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The Royals’ offense could be better than you think

Can last year’s second-half resurgence continue into 2024?

Kansas City Royals v Detroit Tigers Photo by Gregory Shamus/Getty Images

The Kansas City Royals have spent the entire offseason building around their young core of talent. There’s Cole Ragans and Brady Singer in the rotation, but there’s also a lineup full of young hitters. Outside of a couple of role players, the Royals haven’t done much to overhaul their offense from last season. The front office has signed outfielder Hunter Renfroe to a two-year, $13 million contract. They’ve also inked utilityman Garrett Hampson, to a one-year deal worth $2 million. Outside of those two moves, the offense will be more or less the same next season as what we saw in 2023. Is that a wise move for the Royals?

Last season, the Royals finished the year with an 87 wRC+, good for 28th in the entire league. By OPS they ranked 25th. Kansas City’s OBP and walk rate both ranked among the bottom three as well, 28th and 29th respectively. On the surface, returning the same lineup that posted those less-than-stellar results looks like a mistake. If the team is going to spend on starting pitching in free agency, they’ll still need an effective offense to compete for a playoff spot. It wasn’t all bad, however, and a look at the ways the offense improved last season could give a glimpse into why the front office is so confident in building around their young hitters.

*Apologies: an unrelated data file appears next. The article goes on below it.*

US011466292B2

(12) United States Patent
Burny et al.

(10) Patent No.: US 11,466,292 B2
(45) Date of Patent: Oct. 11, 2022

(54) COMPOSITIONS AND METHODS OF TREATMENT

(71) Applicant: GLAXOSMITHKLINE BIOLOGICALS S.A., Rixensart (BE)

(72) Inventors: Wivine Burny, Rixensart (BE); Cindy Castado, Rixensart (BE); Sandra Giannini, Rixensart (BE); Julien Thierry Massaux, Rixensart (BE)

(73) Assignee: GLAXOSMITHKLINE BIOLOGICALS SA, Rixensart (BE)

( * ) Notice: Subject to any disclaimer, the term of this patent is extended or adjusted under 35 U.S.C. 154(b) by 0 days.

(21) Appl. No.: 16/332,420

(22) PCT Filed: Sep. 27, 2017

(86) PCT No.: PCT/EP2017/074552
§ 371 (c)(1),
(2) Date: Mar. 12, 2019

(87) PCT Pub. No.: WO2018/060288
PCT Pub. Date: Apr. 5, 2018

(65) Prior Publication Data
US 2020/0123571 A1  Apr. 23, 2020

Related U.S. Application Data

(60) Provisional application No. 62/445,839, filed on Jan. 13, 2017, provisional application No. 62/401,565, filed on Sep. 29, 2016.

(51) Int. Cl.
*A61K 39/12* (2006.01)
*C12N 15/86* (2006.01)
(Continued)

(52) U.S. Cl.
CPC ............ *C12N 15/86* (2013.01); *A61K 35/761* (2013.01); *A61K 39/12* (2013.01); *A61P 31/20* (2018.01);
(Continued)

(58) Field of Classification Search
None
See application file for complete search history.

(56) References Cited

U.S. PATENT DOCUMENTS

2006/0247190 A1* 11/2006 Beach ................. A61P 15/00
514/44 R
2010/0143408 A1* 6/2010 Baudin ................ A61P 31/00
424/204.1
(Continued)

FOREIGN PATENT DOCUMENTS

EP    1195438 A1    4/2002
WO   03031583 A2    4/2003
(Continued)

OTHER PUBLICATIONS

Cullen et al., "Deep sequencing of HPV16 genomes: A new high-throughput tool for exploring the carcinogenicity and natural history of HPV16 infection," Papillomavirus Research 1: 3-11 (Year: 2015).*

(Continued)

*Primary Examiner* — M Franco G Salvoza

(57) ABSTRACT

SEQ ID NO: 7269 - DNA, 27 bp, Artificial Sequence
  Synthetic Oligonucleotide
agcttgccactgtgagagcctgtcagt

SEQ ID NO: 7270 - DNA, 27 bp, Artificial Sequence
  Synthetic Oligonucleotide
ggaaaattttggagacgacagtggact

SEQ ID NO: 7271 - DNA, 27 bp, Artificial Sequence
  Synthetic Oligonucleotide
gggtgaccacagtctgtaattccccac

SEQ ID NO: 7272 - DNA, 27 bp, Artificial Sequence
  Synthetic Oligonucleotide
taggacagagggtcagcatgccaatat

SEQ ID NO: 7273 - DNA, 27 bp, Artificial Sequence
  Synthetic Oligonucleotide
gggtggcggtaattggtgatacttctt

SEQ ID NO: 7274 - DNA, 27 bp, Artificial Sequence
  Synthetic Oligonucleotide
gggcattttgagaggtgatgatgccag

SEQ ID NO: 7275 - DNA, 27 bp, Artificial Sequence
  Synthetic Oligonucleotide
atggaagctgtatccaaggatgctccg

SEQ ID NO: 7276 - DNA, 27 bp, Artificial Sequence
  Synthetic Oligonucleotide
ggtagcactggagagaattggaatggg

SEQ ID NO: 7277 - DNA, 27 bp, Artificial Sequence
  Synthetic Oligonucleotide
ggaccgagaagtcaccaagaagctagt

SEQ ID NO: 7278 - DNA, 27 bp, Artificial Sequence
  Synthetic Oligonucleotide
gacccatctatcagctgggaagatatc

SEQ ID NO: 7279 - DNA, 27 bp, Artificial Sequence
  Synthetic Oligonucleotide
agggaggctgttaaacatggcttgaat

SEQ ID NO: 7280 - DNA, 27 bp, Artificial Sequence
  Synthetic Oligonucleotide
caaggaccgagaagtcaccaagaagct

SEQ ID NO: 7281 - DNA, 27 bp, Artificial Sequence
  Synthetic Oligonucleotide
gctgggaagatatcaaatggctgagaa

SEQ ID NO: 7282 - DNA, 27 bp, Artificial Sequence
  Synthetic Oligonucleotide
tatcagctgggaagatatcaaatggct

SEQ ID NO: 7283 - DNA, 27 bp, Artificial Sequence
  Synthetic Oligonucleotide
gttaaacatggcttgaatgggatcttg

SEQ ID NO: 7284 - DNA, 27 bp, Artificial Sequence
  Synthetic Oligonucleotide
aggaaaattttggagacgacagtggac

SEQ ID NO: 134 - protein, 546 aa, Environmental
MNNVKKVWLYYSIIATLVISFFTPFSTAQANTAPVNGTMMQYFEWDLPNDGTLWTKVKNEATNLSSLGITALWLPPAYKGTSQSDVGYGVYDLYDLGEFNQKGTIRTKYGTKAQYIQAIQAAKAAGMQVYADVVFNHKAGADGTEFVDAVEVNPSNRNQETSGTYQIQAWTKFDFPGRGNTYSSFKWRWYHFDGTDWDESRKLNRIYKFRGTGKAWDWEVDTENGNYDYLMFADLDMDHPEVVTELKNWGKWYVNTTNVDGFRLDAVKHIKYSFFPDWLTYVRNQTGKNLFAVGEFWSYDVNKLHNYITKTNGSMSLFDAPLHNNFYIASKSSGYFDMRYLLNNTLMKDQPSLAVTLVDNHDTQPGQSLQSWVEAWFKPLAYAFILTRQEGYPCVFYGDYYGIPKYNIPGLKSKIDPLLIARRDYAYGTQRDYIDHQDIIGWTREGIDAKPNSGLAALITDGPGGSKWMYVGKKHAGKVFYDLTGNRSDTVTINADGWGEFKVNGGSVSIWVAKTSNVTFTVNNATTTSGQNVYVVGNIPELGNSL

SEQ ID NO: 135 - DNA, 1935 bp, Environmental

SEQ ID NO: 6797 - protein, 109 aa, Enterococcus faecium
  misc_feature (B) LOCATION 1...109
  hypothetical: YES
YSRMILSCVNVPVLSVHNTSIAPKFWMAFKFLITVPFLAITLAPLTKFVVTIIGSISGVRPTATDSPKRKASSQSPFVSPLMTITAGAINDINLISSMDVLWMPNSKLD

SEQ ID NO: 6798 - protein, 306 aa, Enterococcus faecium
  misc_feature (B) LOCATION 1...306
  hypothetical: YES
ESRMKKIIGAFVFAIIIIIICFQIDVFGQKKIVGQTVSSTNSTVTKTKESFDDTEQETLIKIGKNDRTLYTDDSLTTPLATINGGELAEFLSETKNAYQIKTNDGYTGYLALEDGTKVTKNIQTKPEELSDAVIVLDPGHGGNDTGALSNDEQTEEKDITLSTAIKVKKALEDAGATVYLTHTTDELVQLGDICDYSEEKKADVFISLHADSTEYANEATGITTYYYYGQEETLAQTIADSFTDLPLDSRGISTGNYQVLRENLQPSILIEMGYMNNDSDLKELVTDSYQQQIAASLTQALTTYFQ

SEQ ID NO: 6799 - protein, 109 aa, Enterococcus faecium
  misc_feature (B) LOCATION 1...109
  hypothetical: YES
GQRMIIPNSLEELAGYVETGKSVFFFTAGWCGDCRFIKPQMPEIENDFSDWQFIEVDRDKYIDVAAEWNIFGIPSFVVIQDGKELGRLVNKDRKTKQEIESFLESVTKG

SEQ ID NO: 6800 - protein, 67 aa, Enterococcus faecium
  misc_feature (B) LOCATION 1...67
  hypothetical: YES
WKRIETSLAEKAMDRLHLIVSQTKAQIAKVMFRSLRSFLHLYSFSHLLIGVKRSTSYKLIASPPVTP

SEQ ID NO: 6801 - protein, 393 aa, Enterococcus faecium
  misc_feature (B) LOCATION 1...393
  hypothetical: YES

A second-half improvement gives hope for 2024 and beyond

Many of the Royals' season-long offensive statistics were poor, we’ve already covered some of those number. However there weren’t at the bottom in every category. The team also ranked 18th in strikeout rate. They finished the year with a .244 team batting average, good for 19th. The team finished the year with a .398 slugging percentage, just ahead of the New York Yankees. All this to say, the offense wasn’t nearly as poor last season as it looks on the surface. Much of that was driven by a second-half resurgence.

The Royals finished with a team OPS of .665 from Opening Day through July 14. Then the All-Star Break happened. Once the Royals returned from the break, they posted a .745 OPS through the end of the season. Compared to the rest of the league, the Royals had a good offense after the All-Star Break. After July 15, the team’s .745 OPS ranked 12th in all of baseball. They hit .260 as a team — the sixth-best mark over that span — and slugged .432. The Royals ranked in the top half of the league (top-15) in average, slugging percentage, strikeout rate, isolated power (ISO), and OPS.

That sort of turnaround is a great sign of things to come. It shows the potential of the Royals’ young offense and just how good it could become. It wasn’t just the team results either. A handful of key hitters improved their OPS after the All-Star Break.

Royals OPS, 2023

Player: OPS Pre-All-Star Break OPS Post-All-Star Break Difference
Player: OPS Pre-All-Star Break OPS Post-All-Star Break Difference
Royals 0.665 0.745 0.080